In the case of concussions and sports injuries, we may also see more and more use of sensors, and it may soon become standard practice for them to become embedded in helmets and other gear. For instance, you could see info going to smartphones in the hands of coaches telling them things like which player needs a rest or who’s had too many hard knocks.
Electronic Products: What do you think still needs to be worked on in order for the technology to be considered a reliable source of information?
Paul Brody: Better sensors will always be good, but sometimes we’re already at “good enough.” The key question is — when do we need to be 100% accurate and when will 75% do? If you’re a business consultant trying to get fit, counting steps and workouts during the day, 75% is fine. If you’re an Olympic athlete getting ready for London, then maybe you need something much more accurate to break any records.
IBM’s Decision Management Software and BodyMedia ArmBand
Electronic Products: IBM’s software has been incorporated into BodyMedia armbands. Could you give a brief overview on how these two technologies work together? What differentiates the data that IBM is able to collect from that provided by other fitness tracking programs? Furthermore, could you elaborate on how IBM is using data-driven analytics to monitor a user’s physical performance?
Pierre-Henri Clouin: Software has become pervasive. From traditional computing devices to shipping ports and automobiles, software is showing up in places you never imagined, and has emerged as a key differentiator for many companies looking to distinguish their products in the marketplace.
Working with IBM, BodyMedia, a leader in wearable body monitors designed for health and wellness, is helping consumers more easily achieve their weight loss goals. Just like most companies today, BodyMedia was faced with the challenge of harnessing all of the information their armbands were producing. They wanted to take the next step in fitness and help their clients leverage all of this data to make intelligent decisions about their health.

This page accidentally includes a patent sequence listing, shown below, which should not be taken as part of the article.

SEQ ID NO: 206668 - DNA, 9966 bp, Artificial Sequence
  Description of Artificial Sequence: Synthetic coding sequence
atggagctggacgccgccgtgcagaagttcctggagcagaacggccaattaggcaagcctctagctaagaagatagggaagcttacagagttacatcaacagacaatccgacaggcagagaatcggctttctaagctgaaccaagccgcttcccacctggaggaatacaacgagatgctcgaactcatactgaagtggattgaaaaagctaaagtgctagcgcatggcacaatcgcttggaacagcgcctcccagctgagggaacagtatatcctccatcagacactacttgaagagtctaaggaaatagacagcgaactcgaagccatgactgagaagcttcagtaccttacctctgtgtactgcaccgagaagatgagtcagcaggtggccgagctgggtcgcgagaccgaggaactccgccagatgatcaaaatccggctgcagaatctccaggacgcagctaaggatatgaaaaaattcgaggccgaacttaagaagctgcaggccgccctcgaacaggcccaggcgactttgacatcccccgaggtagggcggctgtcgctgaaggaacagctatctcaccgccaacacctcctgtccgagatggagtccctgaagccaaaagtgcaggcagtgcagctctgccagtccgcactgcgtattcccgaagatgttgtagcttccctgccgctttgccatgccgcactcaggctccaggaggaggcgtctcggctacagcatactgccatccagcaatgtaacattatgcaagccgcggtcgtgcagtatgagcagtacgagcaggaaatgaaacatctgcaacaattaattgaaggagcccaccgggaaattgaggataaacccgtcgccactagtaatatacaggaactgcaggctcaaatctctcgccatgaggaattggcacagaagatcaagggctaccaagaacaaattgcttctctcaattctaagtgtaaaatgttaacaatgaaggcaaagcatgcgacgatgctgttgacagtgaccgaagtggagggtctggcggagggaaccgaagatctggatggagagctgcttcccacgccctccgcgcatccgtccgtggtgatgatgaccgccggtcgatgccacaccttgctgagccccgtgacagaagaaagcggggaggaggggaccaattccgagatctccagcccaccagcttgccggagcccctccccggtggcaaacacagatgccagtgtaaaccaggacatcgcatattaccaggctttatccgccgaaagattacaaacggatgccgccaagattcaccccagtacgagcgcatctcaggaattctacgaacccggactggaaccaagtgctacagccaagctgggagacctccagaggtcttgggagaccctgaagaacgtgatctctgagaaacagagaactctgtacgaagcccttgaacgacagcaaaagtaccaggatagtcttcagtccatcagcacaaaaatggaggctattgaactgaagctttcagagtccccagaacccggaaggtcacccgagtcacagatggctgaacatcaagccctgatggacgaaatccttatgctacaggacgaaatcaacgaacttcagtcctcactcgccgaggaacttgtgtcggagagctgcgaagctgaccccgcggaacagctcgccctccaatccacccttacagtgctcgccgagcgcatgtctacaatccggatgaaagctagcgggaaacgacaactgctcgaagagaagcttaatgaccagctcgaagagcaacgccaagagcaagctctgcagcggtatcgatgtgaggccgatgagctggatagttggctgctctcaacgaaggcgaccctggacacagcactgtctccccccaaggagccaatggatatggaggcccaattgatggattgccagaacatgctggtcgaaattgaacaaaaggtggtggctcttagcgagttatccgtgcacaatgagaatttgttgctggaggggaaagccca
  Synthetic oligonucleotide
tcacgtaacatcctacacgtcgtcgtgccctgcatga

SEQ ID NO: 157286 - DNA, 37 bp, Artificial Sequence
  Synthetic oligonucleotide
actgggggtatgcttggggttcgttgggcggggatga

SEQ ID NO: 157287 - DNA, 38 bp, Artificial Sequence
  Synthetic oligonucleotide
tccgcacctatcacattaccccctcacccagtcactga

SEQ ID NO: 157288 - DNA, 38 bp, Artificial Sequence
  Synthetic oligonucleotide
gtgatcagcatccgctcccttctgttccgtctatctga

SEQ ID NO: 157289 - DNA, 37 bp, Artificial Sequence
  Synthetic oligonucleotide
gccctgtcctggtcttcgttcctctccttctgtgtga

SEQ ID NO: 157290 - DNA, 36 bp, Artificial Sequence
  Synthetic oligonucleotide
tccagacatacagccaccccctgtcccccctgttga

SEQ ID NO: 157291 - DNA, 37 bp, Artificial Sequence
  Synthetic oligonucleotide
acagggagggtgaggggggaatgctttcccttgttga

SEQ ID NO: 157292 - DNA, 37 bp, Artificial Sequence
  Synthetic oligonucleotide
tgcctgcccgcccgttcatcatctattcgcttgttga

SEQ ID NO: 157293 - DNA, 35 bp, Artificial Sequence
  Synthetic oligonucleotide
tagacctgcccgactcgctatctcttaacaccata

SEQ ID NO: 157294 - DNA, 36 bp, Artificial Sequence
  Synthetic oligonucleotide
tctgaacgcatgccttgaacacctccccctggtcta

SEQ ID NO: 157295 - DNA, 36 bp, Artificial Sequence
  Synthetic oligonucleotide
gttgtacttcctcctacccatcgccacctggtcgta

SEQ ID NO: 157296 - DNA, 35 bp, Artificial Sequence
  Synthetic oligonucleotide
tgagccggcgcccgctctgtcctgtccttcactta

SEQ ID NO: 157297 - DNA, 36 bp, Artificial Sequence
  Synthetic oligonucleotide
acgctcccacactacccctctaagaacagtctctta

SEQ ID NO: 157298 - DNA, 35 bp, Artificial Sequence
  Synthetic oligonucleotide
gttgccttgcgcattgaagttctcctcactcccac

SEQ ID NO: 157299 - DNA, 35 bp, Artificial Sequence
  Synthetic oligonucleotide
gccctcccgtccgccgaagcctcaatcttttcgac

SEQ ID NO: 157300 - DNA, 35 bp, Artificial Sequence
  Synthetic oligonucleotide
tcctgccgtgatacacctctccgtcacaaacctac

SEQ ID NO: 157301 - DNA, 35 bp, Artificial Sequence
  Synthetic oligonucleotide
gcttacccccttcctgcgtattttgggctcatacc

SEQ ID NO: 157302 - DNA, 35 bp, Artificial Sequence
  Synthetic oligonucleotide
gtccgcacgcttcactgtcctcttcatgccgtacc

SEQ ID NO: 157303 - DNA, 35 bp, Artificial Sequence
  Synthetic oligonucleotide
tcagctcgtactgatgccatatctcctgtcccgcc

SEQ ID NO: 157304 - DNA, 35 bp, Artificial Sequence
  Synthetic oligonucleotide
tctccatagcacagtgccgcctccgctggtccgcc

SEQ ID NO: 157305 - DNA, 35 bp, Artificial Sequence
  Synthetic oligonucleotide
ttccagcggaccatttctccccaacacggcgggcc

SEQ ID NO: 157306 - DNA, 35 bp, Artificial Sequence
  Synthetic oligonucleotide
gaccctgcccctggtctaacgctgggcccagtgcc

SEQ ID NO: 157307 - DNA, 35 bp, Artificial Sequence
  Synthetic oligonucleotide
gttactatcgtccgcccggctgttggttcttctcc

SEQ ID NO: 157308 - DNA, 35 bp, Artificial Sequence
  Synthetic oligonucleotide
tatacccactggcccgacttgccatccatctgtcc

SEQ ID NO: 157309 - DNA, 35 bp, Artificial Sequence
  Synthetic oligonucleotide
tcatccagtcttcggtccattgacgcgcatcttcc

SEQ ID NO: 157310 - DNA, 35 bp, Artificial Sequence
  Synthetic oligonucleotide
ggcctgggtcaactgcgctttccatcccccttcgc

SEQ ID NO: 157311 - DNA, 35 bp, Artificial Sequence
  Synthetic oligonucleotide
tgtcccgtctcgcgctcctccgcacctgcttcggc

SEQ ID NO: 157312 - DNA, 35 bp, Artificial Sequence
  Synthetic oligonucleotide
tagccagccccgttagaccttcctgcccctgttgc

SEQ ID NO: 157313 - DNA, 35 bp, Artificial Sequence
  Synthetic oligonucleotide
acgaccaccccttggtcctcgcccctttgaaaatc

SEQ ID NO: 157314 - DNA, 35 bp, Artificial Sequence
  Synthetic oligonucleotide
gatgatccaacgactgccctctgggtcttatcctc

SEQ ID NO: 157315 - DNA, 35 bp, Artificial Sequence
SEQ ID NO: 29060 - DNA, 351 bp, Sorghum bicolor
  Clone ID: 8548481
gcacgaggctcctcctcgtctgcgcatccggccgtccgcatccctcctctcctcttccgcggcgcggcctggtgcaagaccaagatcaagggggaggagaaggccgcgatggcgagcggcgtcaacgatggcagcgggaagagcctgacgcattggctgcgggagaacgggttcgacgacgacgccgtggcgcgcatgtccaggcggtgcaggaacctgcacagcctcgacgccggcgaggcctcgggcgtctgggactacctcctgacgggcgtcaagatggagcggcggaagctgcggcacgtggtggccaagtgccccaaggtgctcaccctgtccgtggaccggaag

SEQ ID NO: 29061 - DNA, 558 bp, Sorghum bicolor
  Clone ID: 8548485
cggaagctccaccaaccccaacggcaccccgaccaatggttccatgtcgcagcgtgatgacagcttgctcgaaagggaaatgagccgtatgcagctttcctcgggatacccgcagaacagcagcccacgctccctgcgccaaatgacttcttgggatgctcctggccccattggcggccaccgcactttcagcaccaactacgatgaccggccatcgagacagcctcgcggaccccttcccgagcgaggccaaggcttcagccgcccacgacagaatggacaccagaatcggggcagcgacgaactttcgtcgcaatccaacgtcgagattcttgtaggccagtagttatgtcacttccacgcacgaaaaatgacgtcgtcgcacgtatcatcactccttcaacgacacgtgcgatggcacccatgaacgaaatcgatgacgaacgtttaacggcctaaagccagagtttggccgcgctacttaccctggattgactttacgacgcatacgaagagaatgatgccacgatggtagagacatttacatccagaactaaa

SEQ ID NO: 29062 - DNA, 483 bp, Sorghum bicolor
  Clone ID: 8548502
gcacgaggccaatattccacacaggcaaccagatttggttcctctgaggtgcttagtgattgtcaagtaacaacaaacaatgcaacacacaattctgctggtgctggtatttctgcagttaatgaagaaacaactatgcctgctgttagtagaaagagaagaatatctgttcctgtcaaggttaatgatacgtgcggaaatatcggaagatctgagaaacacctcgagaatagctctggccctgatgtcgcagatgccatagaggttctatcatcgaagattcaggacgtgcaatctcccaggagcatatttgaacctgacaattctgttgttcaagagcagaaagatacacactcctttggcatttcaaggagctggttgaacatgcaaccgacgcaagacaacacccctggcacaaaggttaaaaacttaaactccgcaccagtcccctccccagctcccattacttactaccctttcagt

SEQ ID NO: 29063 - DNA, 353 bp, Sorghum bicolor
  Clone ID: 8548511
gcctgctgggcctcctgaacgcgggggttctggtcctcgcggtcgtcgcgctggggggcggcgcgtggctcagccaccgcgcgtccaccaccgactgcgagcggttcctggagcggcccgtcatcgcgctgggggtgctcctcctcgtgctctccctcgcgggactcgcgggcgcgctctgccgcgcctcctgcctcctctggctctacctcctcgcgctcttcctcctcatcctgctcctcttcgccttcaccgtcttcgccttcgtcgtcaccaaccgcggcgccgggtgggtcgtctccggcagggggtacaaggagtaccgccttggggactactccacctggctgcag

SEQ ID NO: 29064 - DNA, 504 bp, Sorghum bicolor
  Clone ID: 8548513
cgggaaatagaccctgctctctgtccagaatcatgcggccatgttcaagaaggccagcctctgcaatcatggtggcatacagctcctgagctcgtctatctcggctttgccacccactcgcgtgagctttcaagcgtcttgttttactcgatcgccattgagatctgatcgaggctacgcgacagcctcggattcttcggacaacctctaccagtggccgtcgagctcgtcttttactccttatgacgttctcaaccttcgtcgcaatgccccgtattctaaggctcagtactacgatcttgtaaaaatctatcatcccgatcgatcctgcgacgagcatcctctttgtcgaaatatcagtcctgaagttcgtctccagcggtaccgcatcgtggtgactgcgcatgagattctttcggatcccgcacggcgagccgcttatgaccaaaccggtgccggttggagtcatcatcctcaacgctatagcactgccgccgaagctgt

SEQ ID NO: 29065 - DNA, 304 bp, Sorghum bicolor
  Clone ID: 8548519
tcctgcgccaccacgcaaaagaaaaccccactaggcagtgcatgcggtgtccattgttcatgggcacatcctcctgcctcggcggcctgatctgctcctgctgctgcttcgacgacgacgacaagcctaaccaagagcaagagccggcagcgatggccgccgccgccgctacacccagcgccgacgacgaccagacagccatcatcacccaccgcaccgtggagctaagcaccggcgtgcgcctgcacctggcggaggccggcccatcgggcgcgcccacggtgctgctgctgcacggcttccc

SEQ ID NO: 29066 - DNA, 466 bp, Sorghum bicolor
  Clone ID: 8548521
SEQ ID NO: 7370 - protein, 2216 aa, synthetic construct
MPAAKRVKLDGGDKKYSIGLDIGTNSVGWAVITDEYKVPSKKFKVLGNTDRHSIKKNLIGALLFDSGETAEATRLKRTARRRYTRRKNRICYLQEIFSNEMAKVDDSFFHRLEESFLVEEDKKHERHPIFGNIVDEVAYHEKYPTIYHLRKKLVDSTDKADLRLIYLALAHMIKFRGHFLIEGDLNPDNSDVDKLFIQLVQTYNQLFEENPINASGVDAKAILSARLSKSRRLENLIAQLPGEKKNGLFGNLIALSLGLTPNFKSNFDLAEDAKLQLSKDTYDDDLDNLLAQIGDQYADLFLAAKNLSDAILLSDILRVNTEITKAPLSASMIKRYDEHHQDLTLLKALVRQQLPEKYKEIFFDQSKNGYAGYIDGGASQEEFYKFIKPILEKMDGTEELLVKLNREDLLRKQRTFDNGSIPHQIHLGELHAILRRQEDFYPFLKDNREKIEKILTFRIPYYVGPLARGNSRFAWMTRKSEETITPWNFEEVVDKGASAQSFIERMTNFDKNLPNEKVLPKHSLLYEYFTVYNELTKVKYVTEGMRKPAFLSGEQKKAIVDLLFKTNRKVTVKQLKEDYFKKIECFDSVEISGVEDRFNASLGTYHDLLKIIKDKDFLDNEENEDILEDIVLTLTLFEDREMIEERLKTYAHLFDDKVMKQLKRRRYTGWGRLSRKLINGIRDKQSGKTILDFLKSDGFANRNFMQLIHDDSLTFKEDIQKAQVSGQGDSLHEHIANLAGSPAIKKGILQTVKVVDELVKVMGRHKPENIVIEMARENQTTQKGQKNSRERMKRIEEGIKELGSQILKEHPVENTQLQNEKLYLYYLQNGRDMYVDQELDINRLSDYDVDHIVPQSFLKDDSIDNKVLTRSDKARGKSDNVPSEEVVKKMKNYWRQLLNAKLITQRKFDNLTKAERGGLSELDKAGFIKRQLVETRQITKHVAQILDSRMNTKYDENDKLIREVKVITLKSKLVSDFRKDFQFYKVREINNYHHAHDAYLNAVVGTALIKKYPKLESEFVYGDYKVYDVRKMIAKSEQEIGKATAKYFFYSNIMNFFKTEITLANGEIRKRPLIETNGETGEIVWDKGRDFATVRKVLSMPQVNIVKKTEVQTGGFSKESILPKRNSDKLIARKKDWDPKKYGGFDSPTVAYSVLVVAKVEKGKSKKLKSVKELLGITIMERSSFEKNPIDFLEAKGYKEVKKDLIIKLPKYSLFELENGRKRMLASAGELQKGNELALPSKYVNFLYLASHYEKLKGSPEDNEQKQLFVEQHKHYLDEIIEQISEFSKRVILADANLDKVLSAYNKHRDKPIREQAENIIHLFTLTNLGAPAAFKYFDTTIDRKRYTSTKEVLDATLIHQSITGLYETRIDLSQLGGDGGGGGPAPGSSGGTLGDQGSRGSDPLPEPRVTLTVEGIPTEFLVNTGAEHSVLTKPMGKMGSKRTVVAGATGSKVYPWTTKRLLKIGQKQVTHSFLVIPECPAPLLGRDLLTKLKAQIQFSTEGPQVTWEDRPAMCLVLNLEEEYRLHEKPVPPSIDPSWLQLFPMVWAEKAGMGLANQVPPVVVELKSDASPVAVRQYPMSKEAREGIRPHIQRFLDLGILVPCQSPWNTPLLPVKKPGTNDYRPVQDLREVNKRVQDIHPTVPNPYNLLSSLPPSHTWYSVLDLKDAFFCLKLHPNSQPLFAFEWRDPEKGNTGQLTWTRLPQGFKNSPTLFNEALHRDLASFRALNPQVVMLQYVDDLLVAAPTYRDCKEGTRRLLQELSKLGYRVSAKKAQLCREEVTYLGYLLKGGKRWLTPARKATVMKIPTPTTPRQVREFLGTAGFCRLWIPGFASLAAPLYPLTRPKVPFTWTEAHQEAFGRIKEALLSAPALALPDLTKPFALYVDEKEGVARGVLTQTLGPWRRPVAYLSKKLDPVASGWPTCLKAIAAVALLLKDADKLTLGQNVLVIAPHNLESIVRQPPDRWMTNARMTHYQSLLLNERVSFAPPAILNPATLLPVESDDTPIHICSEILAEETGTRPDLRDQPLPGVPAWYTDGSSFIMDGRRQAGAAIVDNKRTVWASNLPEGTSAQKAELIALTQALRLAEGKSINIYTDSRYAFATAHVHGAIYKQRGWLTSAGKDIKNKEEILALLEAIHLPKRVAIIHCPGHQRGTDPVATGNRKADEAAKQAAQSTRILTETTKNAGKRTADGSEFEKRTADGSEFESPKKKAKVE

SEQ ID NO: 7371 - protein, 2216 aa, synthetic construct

Using the analytics inherent in IBM’s decision management software, the new personalized feedback capabilities in the BodyMedia FIT body monitoring system now provides users with their own fitness coach. This is a capability that no other company in this space can offer.
As a leader in analytics, IBM is working with BodyMedia to help clients make sense of all the fitness data they track for their clients. Just to clarify, it is BodyMedia’s system that gathers the 5,000 data points per minute through four sensors in the armband. And it is IBM’s analytics software that is providing the individualized fitness recommendations based on this data. The system takes medical knowledge on diet and fitness, such as from the FDA, and makes it actionable as personalized recommendations, based on the user’s specific goals and recent activity. So now, in addition to keeping track of this data (calorie intake, calories burned, sleep, activity, etc.), consumers can turn it into actionable results for weight loss.
Looking beyond this example, IBM is helping clients tackle information related challenges with analytics in virtually every industry.
Electronic Products: Fitness devices that track data have been around forever, but never before has there been a program that offers a user next-step advice. Could you please go into more specific detail as to how it does this and how this much information can benefit users?